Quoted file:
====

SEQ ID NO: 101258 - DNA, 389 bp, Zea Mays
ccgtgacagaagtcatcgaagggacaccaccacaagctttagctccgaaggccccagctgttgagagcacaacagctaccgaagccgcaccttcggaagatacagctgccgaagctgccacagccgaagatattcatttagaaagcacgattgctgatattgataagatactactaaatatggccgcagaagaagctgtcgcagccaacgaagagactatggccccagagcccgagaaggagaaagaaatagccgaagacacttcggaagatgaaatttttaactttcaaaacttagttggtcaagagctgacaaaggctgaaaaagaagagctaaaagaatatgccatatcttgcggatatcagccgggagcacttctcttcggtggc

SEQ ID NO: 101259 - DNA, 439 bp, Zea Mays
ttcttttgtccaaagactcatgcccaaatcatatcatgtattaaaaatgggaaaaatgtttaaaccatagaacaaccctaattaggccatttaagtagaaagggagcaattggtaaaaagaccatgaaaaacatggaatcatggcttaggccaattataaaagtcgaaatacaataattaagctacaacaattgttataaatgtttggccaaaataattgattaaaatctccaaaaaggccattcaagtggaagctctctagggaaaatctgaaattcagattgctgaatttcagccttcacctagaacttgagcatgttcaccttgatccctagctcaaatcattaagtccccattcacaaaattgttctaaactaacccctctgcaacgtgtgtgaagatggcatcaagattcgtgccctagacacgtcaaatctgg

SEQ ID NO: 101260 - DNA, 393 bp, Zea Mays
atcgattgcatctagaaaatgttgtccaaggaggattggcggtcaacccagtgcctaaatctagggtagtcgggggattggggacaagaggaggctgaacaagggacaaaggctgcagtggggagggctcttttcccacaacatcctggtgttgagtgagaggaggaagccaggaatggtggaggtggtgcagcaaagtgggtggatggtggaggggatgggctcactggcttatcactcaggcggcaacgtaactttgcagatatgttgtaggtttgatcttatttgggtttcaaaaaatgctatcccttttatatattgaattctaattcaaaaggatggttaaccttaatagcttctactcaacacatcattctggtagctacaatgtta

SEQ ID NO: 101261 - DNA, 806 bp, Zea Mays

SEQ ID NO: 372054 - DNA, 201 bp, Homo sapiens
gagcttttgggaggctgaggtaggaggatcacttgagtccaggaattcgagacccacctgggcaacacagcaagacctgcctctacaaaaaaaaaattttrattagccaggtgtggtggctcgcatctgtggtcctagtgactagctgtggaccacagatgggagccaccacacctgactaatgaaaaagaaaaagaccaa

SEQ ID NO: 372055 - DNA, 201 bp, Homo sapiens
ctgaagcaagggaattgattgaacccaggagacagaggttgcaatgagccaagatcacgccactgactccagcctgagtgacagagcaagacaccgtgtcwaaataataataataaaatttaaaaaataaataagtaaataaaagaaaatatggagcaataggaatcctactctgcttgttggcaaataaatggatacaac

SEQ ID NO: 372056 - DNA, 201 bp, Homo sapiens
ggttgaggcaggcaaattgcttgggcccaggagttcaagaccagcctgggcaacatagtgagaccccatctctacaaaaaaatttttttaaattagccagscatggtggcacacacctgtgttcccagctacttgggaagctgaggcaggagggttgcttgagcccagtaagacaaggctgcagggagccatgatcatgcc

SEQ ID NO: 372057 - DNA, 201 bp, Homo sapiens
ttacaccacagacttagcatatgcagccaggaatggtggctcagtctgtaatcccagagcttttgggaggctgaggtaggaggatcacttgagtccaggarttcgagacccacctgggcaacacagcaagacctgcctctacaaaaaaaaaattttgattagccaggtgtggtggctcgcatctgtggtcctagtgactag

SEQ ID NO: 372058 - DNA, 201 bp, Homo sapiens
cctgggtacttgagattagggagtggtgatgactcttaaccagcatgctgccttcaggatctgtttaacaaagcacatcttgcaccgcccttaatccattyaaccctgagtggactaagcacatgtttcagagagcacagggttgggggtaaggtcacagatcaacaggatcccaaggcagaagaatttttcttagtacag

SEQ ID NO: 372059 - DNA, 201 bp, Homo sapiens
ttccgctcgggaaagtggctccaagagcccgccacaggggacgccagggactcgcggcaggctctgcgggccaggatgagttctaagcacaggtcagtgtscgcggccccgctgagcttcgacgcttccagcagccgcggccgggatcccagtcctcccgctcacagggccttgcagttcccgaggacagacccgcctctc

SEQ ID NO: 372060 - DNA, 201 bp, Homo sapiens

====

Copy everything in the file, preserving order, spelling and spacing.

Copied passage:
SEQ ID NO: 101258 - DNA, 389 bp, Zea Mays
ccgtgacagaagtcatcgaagggacaccaccacaagctttagctccgaaggccccagctgttgagagcacaacagctaccgaagccgcaccttcggaagatacagctgccgaagctgccacagccgaagatattcatttagaaagcacgattgctgatattgataagatactactaaatatggccgcagaagaagctgtcgcagccaacgaagagactatggccccagagcccgagaaggagaaagaaatagccgaagacacttcggaagatgaaatttttaactttcaaaacttagttggtcaagagctgacaaaggctgaaaaagaagagctaaaagaatatgccatatcttgcggatatcagccgggagcacttctcttcggtggc

SEQ ID NO: 101259 - DNA, 439 bp, Zea Mays
ttcttttgtccaaagactcatgcccaaatcatatcatgtattaaaaatgggaaaaatgtttaaaccatagaacaaccctaattaggccatttaagtagaaagggagcaattggtaaaaagaccatgaaaaacatggaatcatggcttaggccaattataaaagtcgaaatacaataattaagctacaacaattgttataaatgtttggccaaaataattgattaaaatctccaaaaaggccattcaagtggaagctctctagggaaaatctgaaattcagattgctgaatttcagccttcacctagaacttgagcatgttcaccttgatccctagctcaaatcattaagtccccattcacaaaattgttctaaactaacccctctgcaacgtgtgtgaagatggcatcaagattcgtgccctagacacgtcaaatctgg

SEQ ID NO: 101260 - DNA, 393 bp, Zea Mays
atcgattgcatctagaaaatgttgtccaaggaggattggcggtcaacccagtgcctaaatctagggtagtcgggggattggggacaagaggaggctgaacaagggacaaaggctgcagtggggagggctcttttcccacaacatcctggtgttgagtgagaggaggaagccaggaatggtggaggtggtgcagcaaagtgggtggatggtggaggggatgggctcactggcttatcactcaggcggcaacgtaactttgcagatatgttgtaggtttgatcttatttgggtttcaaaaaatgctatcccttttatatattgaattctaattcaaaaggatggttaaccttaatagcttctactcaacacatcattctggtagctacaatgtta

SEQ ID NO: 101261 - DNA, 806 bp, Zea Mays

SEQ ID NO: 372054 - DNA, 201 bp, Homo sapiens
gagcttttgggaggctgaggtaggaggatcacttgagtccaggaattcgagacccacctgggcaacacagcaagacctgcctctacaaaaaaaaaattttrattagccaggtgtggtggctcgcatctgtggtcctagtgactagctgtggaccacagatgggagccaccacacctgactaatgaaaaagaaaaagaccaa

SEQ ID NO: 372055 - DNA, 201 bp, Homo sapiens
ctgaagcaagggaattgattgaacccaggagacagaggttgcaatgagccaagatcacgccactgactccagcctgagtgacagagcaagacaccgtgtcwaaataataataataaaatttaaaaaataaataagtaaataaaagaaaatatggagcaataggaatcctactctgcttgttggcaaataaatggatacaac

SEQ ID NO: 372056 - DNA, 201 bp, Homo sapiens
ggttgaggcaggcaaattgcttgggcccaggagttcaagaccagcctgggcaacatagtgagaccccatctctacaaaaaaatttttttaaattagccagscatggtggcacacacctgtgttcccagctacttgggaagctgaggcaggagggttgcttgagcccagtaagacaaggctgcagggagccatgatcatgcc

SEQ ID NO: 372057 - DNA, 201 bp, Homo sapiens
ttacaccacagacttagcatatgcagccaggaatggtggctcagtctgtaatcccagagcttttgggaggctgaggtaggaggatcacttgagtccaggarttcgagacccacctgggcaacacagcaagacctgcctctacaaaaaaaaaattttgattagccaggtgtggtggctcgcatctgtggtcctagtgactag

SEQ ID NO: 372058 - DNA, 201 bp, Homo sapiens
cctgggtacttgagattagggagtggtgatgactcttaaccagcatgctgccttcaggatctgtttaacaaagcacatcttgcaccgcccttaatccattyaaccctgagtggactaagcacatgtttcagagagcacagggttgggggtaaggtcacagatcaacaggatcccaaggcagaagaatttttcttagtacag

SEQ ID NO: 372059 - DNA, 201 bp, Homo sapiens
ttccgctcgggaaagtggctccaagagcccgccacaggggacgccagggactcgcggcaggctctgcgggccaggatgagttctaagcacaggtcagtgtscgcggccccgctgagcttcgacgcttccagcagccgcggccgggatcccagtcctcccgctcacagggccttgcagttcccgaggacagacccgcctctc

SEQ ID NO: 372060 - DNA, 201 bp, Homo sapiens